FACT CHECK: Did Donald Trump Author An Indictment Accusing Amy Coney Barrett Of ‘High Crimes And Misdemeanors’?

Brad Sylvester | Fact Check Reporter

A post shared on Facebook claims former President Donald Trump on his last full day in office authored a sealed indictment of Supreme Court Justice Amy Coney Barrett that charged her with “high crimes and misdemeanors.”

Verdict: False

There is no evidence Barrett faces charges of “high crimes and misdemeanors.” Prosecutors seek indictments, which are then issued by grand juries. The claim stems from a website that has published misinformation in the past.

Fact Check:

Trump in September 2020 nominated Barrett to fill the Supreme Court seat left vacant after the death of Justice Ruth Bader Ginsberg. The Senate confirmed Barrett in late October, making her the fifth woman and third Trump nominee to serve on the court, according to The New York Times.

In recent days, multiple Facebook users have been sharing posts alleging Trump authored or co-authored an indictment against Barrett. (RELATED: Did Amy Coney Barrett Say That ‘White People Are God’s Chosen Ones’?)

“JUST IN: Trump Authors Sealed Indictment on SCJ Amy Coney Barrett,” reads the post in part. “On his last day in the White House, January 19, Donald J. Trump co-authored a flurry of sealed indictments, one of which charges Supreme Court Justice Amy Coney Barrett with high crimes and misdemeanors against America and its people, said a former USDOJ employee who helped Trump and then-acting AG Jeffrey Rosen research casework.”

The post goes on to claim Trump decided to indict Barrett because her supposed “betrayal to both him and the U.S Constitution could not go unpunished.” It mentions the date Oct. 28, 2020, in connection to Republican Party of Pennsylvania v. Kathy Boockvar, Secretary of Pennsylvania, et al, a legal case about whether Pennsylvania absentee ballots received after Election Day could be counted. On that date last year, the Supreme Court denied a motion to “expedite consideration of the petition for writ of certiorari” for the case, with Barrett not participating in the consideration or decision of the motion, according to the Supreme Court order.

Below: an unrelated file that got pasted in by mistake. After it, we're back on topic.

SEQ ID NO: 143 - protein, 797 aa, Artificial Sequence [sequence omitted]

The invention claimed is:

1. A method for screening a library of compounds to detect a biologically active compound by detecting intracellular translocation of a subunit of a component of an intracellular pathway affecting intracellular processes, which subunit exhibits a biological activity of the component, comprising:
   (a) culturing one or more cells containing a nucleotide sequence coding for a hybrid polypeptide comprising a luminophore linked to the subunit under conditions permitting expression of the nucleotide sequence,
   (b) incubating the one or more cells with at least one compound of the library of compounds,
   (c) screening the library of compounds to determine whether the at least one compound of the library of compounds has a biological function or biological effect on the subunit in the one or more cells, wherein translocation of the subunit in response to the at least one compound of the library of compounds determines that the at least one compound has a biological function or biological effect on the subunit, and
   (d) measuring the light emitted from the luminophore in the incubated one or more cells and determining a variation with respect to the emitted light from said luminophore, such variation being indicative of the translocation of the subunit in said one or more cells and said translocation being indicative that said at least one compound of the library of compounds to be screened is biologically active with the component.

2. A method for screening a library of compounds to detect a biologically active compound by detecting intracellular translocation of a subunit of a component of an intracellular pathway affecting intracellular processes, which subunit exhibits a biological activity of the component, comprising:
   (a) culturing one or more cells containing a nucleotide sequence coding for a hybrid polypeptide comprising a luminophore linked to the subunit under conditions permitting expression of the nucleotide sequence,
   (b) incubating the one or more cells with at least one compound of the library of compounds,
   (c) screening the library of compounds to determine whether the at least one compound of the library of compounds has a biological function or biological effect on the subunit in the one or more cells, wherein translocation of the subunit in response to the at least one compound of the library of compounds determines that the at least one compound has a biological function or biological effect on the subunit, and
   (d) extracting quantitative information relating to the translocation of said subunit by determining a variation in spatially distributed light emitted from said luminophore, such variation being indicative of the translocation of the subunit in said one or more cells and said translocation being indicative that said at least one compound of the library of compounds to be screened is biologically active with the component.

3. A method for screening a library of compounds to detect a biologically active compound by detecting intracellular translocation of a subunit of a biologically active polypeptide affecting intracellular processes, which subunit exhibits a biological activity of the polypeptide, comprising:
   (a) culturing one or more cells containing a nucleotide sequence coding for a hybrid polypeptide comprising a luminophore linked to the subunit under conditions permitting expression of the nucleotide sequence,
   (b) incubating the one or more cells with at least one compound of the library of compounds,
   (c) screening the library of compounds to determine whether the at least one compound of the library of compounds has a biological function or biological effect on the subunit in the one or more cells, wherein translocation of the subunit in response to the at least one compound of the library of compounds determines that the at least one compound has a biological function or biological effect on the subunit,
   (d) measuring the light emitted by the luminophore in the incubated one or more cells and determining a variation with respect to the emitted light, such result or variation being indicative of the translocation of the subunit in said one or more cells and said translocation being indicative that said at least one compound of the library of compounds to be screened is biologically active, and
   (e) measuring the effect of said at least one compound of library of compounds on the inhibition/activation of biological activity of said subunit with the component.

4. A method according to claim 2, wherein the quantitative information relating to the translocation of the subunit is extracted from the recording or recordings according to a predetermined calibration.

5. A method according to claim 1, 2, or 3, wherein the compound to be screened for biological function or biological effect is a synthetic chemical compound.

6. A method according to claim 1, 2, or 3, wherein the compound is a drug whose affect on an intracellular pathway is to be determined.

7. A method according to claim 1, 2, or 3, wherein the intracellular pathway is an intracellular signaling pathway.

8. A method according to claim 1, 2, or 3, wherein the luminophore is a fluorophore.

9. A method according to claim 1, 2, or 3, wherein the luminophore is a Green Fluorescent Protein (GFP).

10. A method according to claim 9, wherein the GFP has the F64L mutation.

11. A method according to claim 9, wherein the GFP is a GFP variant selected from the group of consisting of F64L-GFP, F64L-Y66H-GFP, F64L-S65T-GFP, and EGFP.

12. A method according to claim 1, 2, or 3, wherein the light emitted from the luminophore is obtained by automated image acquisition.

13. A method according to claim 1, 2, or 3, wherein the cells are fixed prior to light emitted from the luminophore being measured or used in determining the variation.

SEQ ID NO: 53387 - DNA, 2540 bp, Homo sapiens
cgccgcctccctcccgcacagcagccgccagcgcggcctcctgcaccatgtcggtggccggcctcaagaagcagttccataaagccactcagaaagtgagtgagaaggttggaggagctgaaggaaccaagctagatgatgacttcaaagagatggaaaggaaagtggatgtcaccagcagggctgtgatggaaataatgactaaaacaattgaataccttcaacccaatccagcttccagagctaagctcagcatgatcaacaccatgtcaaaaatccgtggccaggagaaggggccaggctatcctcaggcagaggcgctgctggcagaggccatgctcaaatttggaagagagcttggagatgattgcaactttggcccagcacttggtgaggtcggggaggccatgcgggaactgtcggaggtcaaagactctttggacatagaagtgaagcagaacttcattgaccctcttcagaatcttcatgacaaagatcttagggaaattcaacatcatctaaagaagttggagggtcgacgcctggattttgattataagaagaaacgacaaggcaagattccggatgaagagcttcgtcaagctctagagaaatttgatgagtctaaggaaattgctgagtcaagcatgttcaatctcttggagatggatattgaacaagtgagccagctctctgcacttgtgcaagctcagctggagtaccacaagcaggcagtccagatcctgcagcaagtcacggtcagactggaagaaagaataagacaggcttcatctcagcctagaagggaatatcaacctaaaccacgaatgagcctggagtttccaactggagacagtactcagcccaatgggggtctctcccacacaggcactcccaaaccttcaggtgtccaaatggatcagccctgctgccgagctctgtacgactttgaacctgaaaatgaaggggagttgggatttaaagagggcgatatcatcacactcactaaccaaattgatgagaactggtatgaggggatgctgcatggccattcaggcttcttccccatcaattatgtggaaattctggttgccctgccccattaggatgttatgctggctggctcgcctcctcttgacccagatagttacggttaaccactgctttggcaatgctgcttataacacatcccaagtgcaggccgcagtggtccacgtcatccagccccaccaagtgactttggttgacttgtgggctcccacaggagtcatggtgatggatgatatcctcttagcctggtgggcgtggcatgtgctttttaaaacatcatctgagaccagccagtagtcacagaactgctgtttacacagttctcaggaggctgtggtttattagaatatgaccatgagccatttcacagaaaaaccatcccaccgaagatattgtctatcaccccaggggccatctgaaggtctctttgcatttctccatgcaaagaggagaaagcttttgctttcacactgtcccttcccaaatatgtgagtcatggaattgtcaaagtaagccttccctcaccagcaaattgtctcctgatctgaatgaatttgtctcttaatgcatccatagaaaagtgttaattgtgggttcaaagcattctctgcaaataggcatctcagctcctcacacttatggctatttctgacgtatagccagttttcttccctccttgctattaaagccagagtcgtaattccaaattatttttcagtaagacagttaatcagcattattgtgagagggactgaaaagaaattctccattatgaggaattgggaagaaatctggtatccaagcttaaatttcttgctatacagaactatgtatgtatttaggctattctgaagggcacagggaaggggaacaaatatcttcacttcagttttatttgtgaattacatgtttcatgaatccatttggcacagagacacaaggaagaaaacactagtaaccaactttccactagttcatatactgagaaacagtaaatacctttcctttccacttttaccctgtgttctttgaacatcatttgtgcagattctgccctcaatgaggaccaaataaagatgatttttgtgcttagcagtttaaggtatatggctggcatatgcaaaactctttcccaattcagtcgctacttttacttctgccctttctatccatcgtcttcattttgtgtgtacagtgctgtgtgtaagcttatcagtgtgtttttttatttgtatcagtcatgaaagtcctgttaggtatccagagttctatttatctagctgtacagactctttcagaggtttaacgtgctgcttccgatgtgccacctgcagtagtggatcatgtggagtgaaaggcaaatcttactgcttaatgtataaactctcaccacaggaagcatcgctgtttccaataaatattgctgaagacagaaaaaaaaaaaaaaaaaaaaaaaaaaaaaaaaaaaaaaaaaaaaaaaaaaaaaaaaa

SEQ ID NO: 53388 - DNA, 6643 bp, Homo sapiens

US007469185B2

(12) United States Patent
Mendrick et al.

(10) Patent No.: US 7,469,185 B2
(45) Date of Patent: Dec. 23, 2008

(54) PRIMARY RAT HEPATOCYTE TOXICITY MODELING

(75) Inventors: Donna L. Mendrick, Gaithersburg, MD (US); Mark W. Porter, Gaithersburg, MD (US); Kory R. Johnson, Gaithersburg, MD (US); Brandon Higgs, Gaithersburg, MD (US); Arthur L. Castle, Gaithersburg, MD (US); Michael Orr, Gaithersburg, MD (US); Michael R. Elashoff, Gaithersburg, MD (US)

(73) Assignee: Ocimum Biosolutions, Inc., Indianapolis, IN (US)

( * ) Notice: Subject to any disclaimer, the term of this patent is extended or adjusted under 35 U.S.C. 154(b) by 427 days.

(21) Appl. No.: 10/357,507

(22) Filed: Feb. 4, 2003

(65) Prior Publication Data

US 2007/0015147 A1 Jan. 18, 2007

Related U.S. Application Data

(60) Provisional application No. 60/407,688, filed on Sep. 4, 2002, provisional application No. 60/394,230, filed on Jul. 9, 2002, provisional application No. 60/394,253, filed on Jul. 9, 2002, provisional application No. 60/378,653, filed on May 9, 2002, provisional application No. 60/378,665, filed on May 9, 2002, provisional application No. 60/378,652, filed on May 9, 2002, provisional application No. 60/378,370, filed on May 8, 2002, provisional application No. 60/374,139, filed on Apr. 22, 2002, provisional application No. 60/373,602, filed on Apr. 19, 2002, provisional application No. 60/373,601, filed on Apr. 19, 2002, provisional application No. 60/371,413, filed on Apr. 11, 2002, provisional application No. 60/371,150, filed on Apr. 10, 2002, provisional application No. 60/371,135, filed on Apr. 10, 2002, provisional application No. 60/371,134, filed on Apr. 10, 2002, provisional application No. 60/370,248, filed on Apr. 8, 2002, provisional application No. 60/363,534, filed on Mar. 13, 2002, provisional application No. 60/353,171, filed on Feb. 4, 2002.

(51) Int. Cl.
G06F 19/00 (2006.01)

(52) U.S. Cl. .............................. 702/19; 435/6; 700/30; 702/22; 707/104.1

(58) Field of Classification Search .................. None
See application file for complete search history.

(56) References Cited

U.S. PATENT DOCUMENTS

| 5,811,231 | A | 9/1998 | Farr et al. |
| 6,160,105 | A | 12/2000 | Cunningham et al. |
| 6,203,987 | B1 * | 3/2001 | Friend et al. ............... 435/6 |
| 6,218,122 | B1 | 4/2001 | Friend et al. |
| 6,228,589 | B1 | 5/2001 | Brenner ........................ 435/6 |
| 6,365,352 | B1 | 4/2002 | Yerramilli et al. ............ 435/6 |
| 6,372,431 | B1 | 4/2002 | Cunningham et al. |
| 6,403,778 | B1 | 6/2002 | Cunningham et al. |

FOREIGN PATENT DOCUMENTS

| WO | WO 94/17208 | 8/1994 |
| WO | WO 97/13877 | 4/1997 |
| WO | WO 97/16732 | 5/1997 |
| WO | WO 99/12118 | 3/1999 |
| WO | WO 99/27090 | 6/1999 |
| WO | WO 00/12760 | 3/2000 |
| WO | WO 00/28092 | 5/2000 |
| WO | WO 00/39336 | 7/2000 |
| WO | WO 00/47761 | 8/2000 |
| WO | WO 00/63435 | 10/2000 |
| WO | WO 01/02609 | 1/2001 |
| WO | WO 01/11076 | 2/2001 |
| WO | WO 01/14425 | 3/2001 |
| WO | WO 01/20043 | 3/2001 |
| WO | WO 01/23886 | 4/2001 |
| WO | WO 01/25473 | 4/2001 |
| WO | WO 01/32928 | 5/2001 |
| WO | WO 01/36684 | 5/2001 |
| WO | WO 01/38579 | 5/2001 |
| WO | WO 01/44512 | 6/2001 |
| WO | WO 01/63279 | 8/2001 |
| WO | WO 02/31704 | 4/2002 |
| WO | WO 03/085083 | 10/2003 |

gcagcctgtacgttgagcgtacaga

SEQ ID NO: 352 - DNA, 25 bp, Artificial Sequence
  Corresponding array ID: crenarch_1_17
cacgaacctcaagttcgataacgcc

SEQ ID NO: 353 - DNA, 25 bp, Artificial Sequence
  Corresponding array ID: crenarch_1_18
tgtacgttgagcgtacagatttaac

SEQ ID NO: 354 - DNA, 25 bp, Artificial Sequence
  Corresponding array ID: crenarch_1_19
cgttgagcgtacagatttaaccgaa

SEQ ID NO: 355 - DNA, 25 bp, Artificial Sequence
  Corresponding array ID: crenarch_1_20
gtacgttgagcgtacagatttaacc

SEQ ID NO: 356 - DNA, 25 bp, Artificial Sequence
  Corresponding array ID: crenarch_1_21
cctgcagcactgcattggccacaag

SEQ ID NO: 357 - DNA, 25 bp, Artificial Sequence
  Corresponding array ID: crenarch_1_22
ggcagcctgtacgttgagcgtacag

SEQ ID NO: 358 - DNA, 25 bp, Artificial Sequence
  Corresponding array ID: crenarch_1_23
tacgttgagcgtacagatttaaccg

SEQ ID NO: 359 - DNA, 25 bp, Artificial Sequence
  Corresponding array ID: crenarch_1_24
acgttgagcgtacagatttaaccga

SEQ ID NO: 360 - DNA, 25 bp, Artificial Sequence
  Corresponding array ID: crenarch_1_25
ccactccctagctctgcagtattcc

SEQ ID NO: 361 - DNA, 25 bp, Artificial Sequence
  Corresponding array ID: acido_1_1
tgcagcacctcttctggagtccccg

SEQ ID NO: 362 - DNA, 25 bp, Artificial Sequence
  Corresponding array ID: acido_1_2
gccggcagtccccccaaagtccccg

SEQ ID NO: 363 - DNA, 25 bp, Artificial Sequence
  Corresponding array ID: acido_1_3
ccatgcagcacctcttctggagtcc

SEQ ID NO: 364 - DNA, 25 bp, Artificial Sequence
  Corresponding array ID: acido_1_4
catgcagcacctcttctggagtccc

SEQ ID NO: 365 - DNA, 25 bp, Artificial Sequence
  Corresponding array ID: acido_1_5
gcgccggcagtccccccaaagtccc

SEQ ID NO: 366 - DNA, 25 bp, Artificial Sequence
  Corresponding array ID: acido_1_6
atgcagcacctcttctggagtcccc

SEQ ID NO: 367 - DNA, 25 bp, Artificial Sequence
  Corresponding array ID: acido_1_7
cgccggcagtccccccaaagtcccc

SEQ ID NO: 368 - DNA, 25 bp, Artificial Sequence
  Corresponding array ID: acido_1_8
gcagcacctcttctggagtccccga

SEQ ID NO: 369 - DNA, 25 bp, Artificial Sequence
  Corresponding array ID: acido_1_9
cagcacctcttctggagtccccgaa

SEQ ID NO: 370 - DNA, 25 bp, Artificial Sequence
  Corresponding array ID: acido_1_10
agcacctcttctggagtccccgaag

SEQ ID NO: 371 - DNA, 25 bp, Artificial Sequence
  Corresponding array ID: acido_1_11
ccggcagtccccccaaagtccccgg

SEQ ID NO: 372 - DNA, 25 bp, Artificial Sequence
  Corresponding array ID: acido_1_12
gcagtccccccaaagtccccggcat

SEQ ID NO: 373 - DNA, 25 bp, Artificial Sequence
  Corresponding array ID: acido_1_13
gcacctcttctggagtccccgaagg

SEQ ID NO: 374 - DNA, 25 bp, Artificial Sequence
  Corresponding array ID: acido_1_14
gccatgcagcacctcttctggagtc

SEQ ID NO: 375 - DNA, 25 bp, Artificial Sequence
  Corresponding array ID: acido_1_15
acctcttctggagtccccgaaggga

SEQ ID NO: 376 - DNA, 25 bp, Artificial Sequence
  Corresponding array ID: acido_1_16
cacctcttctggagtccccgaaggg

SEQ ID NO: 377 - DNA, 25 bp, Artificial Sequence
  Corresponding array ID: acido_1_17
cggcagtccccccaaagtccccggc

Check Your Fact found no evidence to suggest the indictment against Barrett described in the Facebook post exists. Her name does not appear on the Public Access to Court Electronic Records website, a database of federal court cases. Major media outlets have not reported on the alleged indictment. It would also likely prompt a statement from the Supreme Court, yet one hasn’t been put out.

An indictment “formally charges a person with a criminal offense” and “enables a government prosecution of a suspected criminal actor for the offenses charged” in it, Cornell Law School’s Legal Information Institute explains. Prosecutors decide whether to seek an indictment after studying the “information from investigators and the information they gather from talking to the individuals involved” and present evidence to grand juries, which then vote on “whether they believe that enough evidence exists to charge the person with a crime,” according to the Department of Justice website. Grand juries issue indictments, not presidents.

The Facebook post appears to have lifted its claim from a March 27 article published by Real Raw News, a website that has spread misinformation in the past. Check Your Fact recently debunked a claim originating from the website that alleged U.S. Special Forces arrested John Podesta, a former White House chief of staff, and Huma Abedin, a former aide to Hillary Clinton, on Easter Sunday.

Brad Sylvester

Fact Check Reporter
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